Midwest Horse Welfare Foundation, Inc. ----Discussion Forum
 
 
 


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Kay
 #1 
does anyone feed their horses silage like you would the beef or milk cows?  does it hurt the horses at all like too much protein or anything?  any ideas would be appreciated.

thanks

Anna WI
 #2 

i would suggest not feeding it unless it was freshly cut because once it is put into the silo it starts to ferment. I would say leave that type of feed for the cows.

Rachel
 #3 

I've heard that haylage is good for heavey and aging horses because it stays moist.  But i could never find any when i had my older gelding.  Is there even such a thing?  And does anyone know if it is indeed good for horses?

Amy
 #4 
I'd be afraid to feed silage, just because the rule of thumb I've heard without backup info is to not feed it.  Since I don't have the backup info, I did a little looking, and found this...

http://www.aces.edu/department/extcomm/npa/newsline/archives/002714.php
Silage and haylage can be fed to horses, and they provide fiber and bulk. However, these feeds can result in digestive problems because of the possible presence of molds and other toxic substances. Only high quality silage or haylage should be fed to horses. It may take horses some time to become accustomed to the taste of silage or haylage. Up to one half of the horse's hay ration can be replaced with silage. Usually one pound of hay is equivalent to 3 pounds of silage on a dry matter basis.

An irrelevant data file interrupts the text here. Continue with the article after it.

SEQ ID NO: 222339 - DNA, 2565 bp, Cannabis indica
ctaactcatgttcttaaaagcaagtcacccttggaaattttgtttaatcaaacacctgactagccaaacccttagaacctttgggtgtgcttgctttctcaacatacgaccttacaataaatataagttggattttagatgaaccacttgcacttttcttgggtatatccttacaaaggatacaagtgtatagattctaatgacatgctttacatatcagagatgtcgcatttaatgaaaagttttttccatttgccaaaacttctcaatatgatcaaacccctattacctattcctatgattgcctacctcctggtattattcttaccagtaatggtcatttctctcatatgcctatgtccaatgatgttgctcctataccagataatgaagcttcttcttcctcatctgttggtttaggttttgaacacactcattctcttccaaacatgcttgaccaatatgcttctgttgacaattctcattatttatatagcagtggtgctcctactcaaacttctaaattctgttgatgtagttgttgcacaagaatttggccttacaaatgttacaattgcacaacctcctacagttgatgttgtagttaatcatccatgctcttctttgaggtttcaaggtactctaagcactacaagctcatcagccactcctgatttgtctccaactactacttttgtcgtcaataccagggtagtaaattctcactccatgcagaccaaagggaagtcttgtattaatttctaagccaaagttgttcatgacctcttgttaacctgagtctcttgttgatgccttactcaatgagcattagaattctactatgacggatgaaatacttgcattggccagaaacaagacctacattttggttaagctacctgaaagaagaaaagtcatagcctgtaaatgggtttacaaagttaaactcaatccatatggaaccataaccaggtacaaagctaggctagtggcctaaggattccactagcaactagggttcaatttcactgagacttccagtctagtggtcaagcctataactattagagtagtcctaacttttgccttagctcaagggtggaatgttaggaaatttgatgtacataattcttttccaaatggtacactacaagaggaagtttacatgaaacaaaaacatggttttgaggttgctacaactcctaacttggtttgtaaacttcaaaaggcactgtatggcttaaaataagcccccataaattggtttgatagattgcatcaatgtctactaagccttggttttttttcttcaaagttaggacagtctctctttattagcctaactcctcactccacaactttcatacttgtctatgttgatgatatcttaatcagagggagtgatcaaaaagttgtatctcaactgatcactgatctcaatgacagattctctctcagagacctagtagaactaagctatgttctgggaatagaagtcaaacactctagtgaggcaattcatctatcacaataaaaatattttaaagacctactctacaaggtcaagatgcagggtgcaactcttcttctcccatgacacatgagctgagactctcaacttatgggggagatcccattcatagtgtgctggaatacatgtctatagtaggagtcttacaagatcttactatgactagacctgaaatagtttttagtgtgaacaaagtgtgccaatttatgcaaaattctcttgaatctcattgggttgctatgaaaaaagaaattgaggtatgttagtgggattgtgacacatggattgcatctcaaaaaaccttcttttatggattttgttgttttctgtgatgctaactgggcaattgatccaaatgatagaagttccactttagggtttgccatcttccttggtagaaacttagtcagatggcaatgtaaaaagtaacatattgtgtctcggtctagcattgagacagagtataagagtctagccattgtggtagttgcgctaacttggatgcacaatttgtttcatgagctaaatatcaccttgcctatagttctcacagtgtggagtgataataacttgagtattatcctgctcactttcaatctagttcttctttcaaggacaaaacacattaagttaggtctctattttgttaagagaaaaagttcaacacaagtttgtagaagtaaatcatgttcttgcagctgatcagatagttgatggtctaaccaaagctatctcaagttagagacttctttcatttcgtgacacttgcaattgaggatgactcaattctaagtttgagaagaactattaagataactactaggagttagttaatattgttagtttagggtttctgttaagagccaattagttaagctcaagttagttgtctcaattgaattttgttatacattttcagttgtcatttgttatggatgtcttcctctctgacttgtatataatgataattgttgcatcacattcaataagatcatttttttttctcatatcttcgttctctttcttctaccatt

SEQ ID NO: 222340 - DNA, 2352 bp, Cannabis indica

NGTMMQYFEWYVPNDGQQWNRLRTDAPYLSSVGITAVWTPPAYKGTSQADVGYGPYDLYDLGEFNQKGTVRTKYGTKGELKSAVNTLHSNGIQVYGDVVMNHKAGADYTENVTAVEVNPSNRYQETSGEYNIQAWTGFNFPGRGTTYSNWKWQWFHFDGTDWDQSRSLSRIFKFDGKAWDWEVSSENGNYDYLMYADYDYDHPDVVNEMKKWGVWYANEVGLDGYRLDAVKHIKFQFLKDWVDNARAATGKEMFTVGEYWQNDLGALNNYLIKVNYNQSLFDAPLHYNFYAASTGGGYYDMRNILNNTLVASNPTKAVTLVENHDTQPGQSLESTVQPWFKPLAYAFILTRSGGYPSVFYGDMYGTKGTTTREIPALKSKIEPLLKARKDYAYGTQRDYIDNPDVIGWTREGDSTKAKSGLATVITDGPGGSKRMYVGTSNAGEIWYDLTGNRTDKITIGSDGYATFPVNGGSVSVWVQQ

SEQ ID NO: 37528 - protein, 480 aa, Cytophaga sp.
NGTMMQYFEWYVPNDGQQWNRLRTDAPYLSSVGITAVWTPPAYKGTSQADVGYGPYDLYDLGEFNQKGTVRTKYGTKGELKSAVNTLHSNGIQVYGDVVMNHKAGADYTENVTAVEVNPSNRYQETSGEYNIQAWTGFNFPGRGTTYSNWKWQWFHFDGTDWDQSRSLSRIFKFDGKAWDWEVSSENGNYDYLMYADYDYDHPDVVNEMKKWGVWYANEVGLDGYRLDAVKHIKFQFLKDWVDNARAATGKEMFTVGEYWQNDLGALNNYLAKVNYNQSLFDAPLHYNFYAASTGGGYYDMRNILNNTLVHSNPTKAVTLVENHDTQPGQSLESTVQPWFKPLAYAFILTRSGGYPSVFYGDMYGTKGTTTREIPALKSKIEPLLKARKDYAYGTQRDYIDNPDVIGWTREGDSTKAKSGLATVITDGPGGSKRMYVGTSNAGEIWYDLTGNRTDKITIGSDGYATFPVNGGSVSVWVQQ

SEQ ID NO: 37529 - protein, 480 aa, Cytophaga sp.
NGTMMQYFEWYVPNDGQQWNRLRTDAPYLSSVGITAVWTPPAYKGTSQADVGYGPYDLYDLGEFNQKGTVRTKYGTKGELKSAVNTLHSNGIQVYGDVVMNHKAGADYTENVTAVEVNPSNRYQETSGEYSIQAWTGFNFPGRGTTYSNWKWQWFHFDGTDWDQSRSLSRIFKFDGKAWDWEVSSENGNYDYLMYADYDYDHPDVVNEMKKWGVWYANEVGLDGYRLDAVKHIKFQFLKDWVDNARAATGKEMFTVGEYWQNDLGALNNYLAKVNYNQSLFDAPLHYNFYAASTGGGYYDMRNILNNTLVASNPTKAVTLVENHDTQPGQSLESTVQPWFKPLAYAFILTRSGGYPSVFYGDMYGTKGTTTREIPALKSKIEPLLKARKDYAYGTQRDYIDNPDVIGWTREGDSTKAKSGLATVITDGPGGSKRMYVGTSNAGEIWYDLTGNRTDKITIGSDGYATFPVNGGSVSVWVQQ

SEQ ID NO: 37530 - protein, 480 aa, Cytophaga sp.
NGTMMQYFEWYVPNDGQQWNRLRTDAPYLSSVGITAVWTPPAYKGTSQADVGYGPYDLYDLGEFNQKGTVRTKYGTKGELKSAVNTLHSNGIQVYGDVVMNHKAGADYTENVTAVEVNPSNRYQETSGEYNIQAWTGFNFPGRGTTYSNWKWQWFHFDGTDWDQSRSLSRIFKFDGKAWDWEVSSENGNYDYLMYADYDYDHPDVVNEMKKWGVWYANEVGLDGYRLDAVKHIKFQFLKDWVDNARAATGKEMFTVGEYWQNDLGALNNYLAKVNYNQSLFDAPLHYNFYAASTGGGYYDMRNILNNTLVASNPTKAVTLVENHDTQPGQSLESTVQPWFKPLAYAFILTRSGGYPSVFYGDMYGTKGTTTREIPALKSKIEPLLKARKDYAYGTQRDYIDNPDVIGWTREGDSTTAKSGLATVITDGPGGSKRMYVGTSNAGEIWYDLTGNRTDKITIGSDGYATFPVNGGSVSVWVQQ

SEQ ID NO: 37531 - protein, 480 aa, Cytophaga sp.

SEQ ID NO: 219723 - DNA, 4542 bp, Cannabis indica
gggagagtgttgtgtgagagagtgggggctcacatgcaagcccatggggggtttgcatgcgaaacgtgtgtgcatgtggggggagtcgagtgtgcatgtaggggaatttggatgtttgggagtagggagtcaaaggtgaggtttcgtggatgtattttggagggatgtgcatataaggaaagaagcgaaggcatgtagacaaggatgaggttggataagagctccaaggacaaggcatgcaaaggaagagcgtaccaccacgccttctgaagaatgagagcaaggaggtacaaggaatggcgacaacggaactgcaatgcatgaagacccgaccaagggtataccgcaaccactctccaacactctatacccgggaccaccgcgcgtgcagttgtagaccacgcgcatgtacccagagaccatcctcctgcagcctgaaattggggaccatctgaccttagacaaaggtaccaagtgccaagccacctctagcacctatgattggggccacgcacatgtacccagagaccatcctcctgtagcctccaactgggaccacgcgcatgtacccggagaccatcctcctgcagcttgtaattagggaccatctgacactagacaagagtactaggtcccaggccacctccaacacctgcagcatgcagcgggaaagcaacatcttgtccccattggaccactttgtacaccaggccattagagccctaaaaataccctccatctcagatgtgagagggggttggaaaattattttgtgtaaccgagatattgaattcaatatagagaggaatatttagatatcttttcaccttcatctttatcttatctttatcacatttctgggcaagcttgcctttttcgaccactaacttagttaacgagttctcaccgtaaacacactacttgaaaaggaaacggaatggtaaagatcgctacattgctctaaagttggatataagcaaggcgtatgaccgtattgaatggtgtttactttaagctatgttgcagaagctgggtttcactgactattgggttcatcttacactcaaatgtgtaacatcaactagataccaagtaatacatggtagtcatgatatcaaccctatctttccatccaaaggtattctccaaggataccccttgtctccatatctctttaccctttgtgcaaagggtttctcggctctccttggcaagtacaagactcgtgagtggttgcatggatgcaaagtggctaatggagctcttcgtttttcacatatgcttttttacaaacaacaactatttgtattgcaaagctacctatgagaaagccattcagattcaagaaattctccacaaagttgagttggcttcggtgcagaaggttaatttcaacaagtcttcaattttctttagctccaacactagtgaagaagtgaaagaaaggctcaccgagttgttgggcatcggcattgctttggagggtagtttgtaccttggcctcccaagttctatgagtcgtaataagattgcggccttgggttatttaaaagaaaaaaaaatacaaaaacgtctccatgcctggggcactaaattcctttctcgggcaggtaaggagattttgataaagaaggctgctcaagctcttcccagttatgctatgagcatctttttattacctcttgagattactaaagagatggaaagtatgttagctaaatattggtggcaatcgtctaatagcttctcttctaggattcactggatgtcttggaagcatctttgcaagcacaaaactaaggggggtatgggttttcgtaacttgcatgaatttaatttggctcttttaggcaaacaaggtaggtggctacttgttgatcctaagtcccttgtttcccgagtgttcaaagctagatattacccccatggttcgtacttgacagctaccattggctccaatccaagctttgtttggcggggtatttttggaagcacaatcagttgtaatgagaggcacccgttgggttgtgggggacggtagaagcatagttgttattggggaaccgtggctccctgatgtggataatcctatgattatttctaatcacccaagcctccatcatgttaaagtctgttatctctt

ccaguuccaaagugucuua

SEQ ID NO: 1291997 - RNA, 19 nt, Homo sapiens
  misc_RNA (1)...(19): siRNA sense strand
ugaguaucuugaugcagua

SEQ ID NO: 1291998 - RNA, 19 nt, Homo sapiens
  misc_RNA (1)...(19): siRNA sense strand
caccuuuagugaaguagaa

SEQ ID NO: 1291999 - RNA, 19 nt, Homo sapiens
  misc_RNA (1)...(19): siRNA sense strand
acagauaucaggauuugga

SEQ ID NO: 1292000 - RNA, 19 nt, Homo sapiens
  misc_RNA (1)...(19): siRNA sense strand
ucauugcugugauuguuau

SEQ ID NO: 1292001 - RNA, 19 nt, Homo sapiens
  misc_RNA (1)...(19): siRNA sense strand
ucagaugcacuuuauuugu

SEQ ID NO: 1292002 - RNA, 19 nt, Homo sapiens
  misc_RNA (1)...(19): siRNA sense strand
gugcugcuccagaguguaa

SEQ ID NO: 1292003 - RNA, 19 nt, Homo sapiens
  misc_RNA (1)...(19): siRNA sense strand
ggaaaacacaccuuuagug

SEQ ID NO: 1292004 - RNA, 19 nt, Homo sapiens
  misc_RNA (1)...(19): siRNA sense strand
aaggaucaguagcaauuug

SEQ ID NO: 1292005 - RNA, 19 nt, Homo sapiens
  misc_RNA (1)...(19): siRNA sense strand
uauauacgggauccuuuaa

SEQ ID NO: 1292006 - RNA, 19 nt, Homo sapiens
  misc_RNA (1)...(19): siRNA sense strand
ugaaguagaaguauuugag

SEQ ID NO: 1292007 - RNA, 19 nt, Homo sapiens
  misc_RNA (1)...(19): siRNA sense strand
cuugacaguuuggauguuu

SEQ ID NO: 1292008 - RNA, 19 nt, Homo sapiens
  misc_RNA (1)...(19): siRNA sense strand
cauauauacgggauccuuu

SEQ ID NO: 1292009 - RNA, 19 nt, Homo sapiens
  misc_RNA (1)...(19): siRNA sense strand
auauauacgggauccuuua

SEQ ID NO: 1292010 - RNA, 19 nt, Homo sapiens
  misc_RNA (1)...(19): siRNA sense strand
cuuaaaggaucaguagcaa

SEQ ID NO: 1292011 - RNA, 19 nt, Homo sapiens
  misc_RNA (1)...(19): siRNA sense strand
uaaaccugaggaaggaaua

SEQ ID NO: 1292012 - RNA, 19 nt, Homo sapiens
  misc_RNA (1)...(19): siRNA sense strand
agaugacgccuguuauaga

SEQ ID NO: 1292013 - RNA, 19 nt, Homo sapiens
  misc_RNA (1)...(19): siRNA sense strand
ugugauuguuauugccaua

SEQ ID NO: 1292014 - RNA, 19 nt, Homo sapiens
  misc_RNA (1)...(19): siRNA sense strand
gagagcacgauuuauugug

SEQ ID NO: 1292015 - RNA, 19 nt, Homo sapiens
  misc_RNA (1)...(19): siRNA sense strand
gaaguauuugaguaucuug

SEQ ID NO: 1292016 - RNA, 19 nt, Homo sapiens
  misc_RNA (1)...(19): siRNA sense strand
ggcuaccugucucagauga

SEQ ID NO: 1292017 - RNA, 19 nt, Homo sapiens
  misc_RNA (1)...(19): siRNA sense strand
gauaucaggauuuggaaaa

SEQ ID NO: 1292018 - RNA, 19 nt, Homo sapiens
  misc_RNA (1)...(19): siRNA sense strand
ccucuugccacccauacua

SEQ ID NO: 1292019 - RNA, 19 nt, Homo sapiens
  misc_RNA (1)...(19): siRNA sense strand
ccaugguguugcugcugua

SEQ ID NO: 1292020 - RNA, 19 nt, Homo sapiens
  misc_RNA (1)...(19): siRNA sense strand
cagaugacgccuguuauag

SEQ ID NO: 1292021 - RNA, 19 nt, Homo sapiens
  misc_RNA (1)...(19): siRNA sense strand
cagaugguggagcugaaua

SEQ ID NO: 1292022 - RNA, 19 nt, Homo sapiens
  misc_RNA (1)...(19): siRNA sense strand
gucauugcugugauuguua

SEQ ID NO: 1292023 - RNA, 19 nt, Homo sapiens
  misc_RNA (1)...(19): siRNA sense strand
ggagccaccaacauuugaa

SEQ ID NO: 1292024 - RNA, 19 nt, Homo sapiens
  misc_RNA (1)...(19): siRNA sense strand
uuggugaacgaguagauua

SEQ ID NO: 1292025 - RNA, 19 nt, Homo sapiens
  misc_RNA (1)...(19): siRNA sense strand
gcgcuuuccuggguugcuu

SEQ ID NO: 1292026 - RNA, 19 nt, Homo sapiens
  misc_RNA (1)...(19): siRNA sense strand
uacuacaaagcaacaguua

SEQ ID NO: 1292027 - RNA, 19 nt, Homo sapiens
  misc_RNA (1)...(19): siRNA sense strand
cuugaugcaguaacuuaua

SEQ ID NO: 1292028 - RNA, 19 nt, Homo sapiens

I also read that it can be more dangerous during drought years, as the stalks accumulate more nitrates.  These nitrates can be toxic at high concentrations, but they can also turn into nitrites, which have worse effects.  So basically, if you're going to feed silage, have it tested.  Here's something else I found regarding corn stalks...

Any suspect feed should be tested for nitrate levels. The most critical factor influencing possible toxicity is rate of nitrogen (N) intake, which is affected by forage dry matter intake over a given time period. Feeding practices that regulate dry matter intake can be used to manage high nitrate (NO3) forages.

When stored forages contain more than 1,000 ppm (parts per million) NO3-N, intakes generally must be managed to avoid elevated methemoglobin levels in the blood and other toxic effects.


 
Mary H.
 #5 
I would not feed silage of any sort to horses - ever.  Their digestive systems are so very different from cows and this type of feed is a no no.  We have a mare here who was fed silage as a young horse and developed chronic founder along with Cushings.  Not saying it caused the Cushings but it sure created the founder situation.    We go with senior feed, beet pulp and supplements and we will add corn oil if the horse is very thin.  I know the alfalfa cubes are good but I detest working with it.  All the soaking and messing and you still can have chunks in there that cause choke.  Grrrrr - ok - you get the point on that!
Karen-MHWF
 #6